Why we don’t buy life insurance

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Why don’t Americans buy life insurance? At least part of the answer is that we’re not absolutely convinced that the money we tuck away all those years will actually pass to our heirs once we’re gone.

According to the Life Insurance and Market Research Association, or LIMRA, 56 percent of U.S. households did not have an individual policy as of 2010, a 50-year high. Nearly a third of us (30 percent) lacked any coverage at all, even through an employer’s group plan – and that number has grown 22 percent in six years.

Granted, life insurance isn’t likely to compete with food, shelter or even homeowners and auto insurance on most people’s priority lists these days. Even so, in a 2011 telephone survey by the accounting firm Deloitte, 1 in 4 respondents admitted they don’t trust life insurance companies or life insurance agents.

“Either way, the industry has some serious trust issues to address with a significant percentage of consumers,” Deloitte concluded.

Last week, the ongoing multistate, multiagency investigation into life insurers behaving badly surfaced in the news once again when Florida and several other states reached a $40 million settlement with MetLife over alleged improprieties in tracking down the beneficiaries of deceased policyholders. The settlement could result in more than $400 million in death benefits from industrial life policies sold between 1900 and 1964 being paid to the rightful beneficiaries or, failing that, to the appropriate state’s unclaimed property fund.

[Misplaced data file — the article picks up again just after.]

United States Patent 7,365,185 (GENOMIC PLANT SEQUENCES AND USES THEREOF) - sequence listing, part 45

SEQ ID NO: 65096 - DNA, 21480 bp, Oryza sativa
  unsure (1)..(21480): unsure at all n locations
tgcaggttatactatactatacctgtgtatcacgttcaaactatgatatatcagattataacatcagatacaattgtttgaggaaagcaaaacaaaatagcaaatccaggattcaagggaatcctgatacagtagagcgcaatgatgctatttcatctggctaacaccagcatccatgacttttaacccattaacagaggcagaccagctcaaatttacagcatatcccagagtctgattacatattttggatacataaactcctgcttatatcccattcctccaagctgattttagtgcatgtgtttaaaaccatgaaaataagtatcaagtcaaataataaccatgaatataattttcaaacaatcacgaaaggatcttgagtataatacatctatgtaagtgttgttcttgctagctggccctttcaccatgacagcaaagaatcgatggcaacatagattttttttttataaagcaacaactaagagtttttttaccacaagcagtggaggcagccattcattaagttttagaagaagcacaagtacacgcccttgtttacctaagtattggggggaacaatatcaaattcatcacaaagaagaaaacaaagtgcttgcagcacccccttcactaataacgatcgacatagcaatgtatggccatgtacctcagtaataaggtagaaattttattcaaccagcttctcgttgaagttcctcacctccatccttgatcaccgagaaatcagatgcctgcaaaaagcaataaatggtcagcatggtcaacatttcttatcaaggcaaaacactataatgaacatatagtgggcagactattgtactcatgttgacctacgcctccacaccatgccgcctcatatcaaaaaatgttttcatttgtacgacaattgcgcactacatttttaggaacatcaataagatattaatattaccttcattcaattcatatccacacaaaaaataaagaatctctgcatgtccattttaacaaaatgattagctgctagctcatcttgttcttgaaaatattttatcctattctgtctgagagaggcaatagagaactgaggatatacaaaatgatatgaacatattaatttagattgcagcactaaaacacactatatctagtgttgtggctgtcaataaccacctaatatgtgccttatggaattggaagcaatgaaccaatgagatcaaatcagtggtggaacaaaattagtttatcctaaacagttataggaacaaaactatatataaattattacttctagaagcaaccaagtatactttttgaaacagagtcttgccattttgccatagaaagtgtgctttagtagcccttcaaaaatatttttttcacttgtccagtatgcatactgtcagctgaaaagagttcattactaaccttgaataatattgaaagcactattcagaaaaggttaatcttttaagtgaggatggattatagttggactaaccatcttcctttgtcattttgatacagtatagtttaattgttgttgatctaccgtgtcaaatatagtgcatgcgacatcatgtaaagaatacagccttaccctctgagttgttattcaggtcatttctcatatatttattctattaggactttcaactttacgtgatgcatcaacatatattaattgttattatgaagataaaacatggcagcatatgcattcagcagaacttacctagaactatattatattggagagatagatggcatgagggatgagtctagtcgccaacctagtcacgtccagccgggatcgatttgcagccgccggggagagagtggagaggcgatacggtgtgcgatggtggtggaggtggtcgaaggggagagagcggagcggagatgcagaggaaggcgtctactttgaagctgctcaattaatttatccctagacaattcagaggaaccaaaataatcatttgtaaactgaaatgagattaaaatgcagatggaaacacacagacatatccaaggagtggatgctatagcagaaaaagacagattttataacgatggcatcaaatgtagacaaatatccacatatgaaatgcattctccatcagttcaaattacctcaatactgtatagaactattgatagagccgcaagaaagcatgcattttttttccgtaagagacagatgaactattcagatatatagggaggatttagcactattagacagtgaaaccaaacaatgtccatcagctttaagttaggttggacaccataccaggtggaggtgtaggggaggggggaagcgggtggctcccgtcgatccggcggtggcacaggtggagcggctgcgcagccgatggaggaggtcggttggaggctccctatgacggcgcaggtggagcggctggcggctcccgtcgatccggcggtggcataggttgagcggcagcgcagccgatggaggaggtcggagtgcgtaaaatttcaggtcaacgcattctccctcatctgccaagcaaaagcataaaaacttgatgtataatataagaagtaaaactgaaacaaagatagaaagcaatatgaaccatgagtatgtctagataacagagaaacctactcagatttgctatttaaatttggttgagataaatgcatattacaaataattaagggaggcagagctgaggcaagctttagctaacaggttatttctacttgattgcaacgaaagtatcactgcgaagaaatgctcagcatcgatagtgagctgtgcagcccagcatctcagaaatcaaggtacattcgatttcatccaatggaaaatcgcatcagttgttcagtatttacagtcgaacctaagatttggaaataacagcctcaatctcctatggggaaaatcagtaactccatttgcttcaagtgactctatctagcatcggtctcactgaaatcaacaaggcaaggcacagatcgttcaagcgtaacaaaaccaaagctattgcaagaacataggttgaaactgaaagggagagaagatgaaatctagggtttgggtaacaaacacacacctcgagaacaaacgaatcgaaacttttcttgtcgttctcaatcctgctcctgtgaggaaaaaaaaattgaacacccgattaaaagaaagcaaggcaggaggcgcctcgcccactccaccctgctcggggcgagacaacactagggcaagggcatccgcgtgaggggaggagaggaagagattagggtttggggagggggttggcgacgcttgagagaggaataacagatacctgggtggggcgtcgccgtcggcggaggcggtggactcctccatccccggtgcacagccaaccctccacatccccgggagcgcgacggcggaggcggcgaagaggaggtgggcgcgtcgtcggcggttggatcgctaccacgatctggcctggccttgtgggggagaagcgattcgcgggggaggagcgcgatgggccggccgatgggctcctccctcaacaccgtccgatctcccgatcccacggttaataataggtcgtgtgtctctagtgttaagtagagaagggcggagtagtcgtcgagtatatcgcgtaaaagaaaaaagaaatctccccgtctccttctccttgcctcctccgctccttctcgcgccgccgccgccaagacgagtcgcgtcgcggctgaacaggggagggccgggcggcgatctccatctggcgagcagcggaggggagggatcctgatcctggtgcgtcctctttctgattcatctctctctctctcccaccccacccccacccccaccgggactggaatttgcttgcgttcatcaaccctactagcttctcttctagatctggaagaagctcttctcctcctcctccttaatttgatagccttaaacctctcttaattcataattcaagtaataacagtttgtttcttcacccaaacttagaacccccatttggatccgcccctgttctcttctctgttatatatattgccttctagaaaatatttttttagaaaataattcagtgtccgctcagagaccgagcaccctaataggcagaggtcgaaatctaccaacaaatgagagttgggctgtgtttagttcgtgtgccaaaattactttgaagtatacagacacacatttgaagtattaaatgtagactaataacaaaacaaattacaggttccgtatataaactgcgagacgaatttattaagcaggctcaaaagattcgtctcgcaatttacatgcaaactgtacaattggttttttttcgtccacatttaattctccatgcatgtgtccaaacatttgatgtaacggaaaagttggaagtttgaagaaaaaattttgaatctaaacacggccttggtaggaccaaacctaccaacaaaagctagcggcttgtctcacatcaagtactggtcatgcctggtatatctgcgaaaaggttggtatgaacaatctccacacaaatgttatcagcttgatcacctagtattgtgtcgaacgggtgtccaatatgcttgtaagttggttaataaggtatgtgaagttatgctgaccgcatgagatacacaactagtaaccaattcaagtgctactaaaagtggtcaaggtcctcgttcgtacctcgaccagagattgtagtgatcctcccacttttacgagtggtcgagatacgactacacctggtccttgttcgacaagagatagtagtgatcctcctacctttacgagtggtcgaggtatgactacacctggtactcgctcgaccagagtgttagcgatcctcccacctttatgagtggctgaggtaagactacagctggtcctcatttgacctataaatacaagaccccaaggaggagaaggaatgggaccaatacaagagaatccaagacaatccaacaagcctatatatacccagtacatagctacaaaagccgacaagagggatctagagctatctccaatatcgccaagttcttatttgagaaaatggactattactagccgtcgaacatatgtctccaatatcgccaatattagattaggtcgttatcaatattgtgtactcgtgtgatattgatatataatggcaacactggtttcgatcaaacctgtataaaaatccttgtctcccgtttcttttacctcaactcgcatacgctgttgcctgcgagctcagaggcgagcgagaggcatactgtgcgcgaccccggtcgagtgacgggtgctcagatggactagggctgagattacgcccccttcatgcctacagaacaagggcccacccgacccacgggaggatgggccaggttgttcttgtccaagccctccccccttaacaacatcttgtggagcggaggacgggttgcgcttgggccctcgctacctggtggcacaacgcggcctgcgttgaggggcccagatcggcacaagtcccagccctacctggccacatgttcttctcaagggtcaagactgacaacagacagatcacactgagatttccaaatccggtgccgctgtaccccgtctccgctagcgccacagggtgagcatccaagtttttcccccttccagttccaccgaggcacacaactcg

“MetLife had apparently been using the Social Security Administration’s Death Master File to check to see if a policyholder has died only in cases where such a death would be beneficial to the insurance company. For example, MetLife allegedly used this Master File to stop annuity payments to deceased clients, but did not use it to issue life insurance payments to beneficiaries of the insured,” according to a Miami Herald report.

While the settlement allows MetLife to deny any wrongdoing or liability, it does require the insurer to reform its business practices and step up attempts to find beneficiaries within 120 days of a policyholder’s demise. If no beneficiary is found within a year, MetLife agrees to pay the death benefit or annuity payment to the appropriate state.

The $40 million MetLife settlement will go entirely to cover legal costs, including those of the task force launched in early 2011 by the National Association of Insurance Commissioners.

MetLife joins John Hancock Life and Prudential, which previously reached similar settlements with the investigating jurisdictions.

And so it goes, another life insurance giant deftly flicks an unseemly speck from its immaculate lapel. We did no wrong. We don’t owe anyone. Oh yeah, and of course we’ll try to do better.

I can’t imagine why consumers don’t trust them.

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